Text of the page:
by Bob Schwartz


There are too many movies, good bad and ugly, so it is hard to keep up. Even with the good ones. So just yesterday I finally got to see last year’s Academy Award winner Birdman.

It is all it is supposed to be. It is what you ask for from popular art, that it be entertaining and that it be…art. It is as satisfying and memorable as a great novel. And just about as indescribable.

When it was released, and later when it was praised, there were attempts to describe the plot and, for PR purposes, the unusual production technique (it was filmed in a series of very long takes, tracking shots that lasted many minutes, so that if anything went wrong in a take—a missed line of dialogue—the entire scene had to be reshot, start to finish). Also discussed was the parallel between the story (an actor who walks away from a billion dollar comic book film franchise) and the film’s lead actor Michael Keaton (who walked away from the billion dollar Batman franchise). This point turns out to be less than inconsequential.

What is consequential is how Birdman manages to treat big topics like “life” and “art” in so fascinating a way. There is a Broadway play within the film, a drama adapted from Raymond Carver’s unusual, influential and iconic book of stories, What We Talk About When We Talk About Love. But actually, it is the film that is sort of a Carver adaptation, fooling around with form to try saying something significant in a way that can be heard through the clutter of our expectations.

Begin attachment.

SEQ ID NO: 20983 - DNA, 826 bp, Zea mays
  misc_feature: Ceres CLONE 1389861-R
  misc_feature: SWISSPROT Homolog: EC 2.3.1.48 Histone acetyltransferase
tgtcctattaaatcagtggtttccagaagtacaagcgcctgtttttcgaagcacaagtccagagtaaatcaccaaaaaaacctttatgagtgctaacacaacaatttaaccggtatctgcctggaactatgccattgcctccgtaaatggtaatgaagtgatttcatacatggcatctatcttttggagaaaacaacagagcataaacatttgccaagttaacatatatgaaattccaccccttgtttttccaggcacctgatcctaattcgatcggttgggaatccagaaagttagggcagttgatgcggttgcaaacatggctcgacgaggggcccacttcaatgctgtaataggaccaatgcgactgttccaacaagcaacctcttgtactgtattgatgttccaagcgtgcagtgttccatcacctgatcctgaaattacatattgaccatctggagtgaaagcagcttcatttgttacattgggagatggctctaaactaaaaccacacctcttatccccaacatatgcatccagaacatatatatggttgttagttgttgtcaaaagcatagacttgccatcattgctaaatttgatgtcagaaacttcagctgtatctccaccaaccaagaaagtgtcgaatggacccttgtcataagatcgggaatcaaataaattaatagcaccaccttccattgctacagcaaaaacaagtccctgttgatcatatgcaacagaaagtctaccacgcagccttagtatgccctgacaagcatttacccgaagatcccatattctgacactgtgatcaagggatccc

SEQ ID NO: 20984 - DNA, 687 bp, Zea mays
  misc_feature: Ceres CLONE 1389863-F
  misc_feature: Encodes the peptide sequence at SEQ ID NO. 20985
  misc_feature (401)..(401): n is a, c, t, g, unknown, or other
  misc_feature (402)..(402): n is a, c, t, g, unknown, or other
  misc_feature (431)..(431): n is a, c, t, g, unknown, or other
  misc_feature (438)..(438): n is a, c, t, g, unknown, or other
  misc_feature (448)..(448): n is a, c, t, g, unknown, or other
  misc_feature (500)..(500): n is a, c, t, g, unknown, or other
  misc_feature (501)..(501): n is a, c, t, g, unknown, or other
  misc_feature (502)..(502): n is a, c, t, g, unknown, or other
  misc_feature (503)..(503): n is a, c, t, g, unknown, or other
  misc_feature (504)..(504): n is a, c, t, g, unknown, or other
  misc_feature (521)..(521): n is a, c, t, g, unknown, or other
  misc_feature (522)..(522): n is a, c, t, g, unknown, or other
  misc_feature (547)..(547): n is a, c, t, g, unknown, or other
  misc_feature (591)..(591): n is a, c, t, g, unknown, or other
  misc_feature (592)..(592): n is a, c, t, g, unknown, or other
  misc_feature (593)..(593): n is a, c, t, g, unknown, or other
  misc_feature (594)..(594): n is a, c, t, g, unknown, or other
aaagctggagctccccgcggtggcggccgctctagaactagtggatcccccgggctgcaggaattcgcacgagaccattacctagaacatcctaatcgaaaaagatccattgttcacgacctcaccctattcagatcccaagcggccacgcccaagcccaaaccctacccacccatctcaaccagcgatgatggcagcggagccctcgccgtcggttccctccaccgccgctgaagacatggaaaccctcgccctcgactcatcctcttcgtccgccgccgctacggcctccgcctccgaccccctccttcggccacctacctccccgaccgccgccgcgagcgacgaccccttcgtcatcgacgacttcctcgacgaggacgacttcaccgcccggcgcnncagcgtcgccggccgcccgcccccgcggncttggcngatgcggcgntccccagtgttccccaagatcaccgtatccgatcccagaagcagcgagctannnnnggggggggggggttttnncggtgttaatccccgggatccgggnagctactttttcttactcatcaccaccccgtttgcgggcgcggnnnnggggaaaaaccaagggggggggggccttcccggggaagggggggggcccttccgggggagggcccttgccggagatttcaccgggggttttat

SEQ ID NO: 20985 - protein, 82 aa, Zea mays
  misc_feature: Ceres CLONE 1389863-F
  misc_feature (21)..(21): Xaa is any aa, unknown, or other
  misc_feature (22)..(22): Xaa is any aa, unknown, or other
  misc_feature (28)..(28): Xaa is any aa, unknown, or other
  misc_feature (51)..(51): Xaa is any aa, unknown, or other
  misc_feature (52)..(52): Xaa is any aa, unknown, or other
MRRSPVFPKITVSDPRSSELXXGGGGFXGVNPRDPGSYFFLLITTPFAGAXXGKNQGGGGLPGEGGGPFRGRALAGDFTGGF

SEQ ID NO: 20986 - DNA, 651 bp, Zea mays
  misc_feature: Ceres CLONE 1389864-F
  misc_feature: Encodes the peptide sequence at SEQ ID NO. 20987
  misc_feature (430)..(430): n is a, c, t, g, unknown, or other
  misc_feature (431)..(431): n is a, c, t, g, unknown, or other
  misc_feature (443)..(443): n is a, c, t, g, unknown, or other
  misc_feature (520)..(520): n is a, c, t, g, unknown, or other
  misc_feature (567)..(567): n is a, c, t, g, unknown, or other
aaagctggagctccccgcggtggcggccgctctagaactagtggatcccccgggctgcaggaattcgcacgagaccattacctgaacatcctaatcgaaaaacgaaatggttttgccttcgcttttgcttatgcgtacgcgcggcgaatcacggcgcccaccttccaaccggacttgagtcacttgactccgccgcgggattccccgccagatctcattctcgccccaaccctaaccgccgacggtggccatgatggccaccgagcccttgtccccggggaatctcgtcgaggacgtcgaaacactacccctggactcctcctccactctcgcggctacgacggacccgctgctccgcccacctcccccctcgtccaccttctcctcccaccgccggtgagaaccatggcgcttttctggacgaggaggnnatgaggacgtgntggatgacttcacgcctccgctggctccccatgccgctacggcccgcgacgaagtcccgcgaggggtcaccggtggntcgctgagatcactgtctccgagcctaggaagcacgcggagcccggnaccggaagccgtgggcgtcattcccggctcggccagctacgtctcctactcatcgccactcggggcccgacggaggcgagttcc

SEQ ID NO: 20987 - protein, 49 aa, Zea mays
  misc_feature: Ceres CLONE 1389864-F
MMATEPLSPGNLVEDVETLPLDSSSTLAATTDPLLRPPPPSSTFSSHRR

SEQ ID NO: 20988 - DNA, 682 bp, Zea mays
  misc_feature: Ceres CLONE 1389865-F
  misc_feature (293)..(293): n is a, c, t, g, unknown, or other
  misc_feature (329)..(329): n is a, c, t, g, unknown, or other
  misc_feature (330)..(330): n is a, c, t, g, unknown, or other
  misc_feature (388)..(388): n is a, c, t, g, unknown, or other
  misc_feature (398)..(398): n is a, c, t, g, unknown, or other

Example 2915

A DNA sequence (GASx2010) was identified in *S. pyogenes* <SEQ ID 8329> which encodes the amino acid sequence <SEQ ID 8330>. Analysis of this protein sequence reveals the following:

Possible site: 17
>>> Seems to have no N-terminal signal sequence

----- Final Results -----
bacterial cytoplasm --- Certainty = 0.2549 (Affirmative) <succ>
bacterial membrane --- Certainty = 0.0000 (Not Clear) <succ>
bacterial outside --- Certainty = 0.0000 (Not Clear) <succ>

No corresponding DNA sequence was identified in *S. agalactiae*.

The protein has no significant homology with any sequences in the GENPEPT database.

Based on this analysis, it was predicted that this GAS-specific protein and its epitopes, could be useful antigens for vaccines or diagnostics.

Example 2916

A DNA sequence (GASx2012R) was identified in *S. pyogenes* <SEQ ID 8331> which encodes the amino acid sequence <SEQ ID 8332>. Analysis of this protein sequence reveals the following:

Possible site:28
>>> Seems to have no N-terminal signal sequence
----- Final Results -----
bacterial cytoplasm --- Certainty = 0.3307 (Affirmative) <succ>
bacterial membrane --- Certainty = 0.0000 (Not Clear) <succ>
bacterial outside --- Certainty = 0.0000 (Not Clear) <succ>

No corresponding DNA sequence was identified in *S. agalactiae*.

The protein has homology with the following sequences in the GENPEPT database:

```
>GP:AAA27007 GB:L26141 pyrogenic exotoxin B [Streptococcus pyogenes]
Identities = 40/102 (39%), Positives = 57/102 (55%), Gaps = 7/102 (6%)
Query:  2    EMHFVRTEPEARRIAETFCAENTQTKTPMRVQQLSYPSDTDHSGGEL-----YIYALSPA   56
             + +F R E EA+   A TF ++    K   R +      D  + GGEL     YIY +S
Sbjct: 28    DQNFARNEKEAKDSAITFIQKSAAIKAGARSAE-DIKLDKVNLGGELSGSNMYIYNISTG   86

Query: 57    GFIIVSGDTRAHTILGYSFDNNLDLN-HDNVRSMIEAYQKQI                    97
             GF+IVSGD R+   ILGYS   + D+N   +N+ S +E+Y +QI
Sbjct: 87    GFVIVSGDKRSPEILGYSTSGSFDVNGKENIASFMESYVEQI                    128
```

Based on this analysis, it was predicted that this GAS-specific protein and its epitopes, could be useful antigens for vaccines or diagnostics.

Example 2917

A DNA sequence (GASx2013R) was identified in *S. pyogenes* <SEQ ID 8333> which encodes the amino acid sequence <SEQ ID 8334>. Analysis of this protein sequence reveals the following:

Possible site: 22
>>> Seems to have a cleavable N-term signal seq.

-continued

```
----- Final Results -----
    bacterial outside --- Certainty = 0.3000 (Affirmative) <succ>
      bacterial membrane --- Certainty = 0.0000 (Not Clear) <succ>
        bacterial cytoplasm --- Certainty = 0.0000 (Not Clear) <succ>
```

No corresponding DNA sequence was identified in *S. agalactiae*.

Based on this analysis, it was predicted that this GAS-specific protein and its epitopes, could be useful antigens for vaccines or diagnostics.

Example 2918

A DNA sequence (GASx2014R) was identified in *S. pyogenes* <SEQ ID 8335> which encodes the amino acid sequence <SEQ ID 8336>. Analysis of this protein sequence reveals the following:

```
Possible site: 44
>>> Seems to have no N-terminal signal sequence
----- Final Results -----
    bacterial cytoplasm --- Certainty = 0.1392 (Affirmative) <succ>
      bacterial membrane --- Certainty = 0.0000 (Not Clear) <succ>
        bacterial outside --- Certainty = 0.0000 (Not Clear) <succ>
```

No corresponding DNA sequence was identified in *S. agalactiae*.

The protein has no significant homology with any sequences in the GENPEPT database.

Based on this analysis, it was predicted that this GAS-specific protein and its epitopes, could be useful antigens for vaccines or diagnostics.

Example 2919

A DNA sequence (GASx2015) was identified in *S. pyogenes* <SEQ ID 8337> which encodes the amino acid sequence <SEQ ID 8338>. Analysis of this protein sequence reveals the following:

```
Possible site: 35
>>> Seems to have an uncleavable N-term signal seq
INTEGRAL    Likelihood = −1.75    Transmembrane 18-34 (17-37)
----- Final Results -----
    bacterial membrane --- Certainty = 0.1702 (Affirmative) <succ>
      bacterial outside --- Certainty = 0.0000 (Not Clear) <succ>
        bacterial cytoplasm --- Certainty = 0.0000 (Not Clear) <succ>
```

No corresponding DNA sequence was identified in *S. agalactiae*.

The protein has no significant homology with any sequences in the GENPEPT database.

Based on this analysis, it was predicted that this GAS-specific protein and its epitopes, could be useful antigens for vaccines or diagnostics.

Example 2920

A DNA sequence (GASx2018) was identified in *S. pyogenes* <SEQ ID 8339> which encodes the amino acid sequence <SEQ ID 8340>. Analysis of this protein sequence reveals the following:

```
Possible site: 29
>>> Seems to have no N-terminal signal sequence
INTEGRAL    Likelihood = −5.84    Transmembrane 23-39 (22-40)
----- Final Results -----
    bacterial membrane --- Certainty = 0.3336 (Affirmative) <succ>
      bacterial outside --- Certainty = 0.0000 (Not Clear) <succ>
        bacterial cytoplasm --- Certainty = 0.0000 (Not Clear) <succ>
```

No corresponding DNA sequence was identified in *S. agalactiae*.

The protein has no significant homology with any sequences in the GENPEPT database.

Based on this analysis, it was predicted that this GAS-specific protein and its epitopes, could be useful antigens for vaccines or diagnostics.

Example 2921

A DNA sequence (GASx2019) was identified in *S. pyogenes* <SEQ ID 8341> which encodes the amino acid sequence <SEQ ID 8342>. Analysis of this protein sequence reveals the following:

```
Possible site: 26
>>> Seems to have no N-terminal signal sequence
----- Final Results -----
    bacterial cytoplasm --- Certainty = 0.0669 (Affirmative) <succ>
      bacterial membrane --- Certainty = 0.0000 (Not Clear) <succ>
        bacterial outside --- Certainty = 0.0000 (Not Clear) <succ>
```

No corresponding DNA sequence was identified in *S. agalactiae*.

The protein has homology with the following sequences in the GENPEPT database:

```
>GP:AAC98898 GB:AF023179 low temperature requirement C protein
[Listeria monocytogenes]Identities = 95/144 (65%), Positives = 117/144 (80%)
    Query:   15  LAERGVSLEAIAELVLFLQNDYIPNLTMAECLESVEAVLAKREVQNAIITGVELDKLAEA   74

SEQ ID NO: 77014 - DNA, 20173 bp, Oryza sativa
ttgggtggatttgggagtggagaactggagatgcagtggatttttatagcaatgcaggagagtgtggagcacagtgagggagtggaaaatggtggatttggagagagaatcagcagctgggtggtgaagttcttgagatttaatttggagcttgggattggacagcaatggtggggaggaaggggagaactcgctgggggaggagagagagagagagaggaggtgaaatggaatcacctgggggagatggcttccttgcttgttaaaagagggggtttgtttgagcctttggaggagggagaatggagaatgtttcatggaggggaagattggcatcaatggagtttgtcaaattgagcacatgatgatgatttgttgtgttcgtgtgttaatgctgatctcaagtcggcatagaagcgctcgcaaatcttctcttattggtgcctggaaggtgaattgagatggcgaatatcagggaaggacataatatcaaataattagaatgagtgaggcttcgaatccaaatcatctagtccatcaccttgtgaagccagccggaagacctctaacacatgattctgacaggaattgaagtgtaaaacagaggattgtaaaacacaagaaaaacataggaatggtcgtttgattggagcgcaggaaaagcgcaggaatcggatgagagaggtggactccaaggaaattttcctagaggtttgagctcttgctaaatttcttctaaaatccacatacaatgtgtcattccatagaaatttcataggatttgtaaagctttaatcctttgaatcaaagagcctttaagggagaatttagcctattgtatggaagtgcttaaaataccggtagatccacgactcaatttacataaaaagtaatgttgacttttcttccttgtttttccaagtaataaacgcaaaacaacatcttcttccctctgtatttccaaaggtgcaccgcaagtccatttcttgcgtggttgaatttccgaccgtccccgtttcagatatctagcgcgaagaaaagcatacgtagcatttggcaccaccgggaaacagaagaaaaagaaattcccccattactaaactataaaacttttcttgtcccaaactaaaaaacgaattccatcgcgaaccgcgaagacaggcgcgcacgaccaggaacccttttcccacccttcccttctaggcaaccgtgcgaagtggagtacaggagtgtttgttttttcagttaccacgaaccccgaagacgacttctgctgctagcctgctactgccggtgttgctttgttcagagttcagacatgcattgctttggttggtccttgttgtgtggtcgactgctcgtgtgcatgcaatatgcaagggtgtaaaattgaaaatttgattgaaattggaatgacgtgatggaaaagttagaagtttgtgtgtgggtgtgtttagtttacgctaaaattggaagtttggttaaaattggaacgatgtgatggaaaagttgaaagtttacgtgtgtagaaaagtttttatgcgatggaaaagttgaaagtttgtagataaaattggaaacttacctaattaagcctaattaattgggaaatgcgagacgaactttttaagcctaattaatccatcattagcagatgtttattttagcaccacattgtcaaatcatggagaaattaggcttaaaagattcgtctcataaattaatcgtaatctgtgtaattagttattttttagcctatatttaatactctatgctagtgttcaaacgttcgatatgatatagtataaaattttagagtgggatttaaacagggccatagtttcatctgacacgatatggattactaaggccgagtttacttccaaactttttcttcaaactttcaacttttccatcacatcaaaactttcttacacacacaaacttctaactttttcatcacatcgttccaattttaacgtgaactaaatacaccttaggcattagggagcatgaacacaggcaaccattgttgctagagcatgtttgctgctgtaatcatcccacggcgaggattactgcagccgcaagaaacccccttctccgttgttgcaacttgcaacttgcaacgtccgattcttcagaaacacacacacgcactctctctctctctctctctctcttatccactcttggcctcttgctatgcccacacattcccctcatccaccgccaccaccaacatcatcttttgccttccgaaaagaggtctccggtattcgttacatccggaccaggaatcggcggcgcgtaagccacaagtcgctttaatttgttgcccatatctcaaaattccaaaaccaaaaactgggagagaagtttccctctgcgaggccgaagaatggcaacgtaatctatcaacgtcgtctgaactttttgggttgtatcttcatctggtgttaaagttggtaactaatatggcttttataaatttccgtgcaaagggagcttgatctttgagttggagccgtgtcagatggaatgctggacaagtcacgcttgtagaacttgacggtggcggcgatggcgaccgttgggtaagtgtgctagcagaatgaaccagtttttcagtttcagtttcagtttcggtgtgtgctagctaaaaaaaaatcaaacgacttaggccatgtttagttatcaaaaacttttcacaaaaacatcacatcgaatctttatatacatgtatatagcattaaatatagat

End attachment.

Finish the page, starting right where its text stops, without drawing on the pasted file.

Birdman is the unexpected. The full title of the move hints at this: Birdman or (The Unexpected Virtue of Ignorance). Without giving much away, assuming you have seen or will see it, the movie asks you to root for a happy ending. Except you can’t see, exactly, how there could possibly be a happy ending that is true to the rest of the movie. Yet there is an unexpected ending that is entirely true to the movie, and to life and art.

I could put a quote from Ray Carver’s writing here. God knows there are hundreds of them that would be appropriate and make for good reading. It would be kind of meta, since the play-within-the-movie obviously includes some. But it would also be kind of cheesy and clichéd, and I can hear the voice of Carver laughing or at least chiding me. So just see the movie, if you haven’t. And definitely read Carver if you haven’t.

And remember that a man really can fly.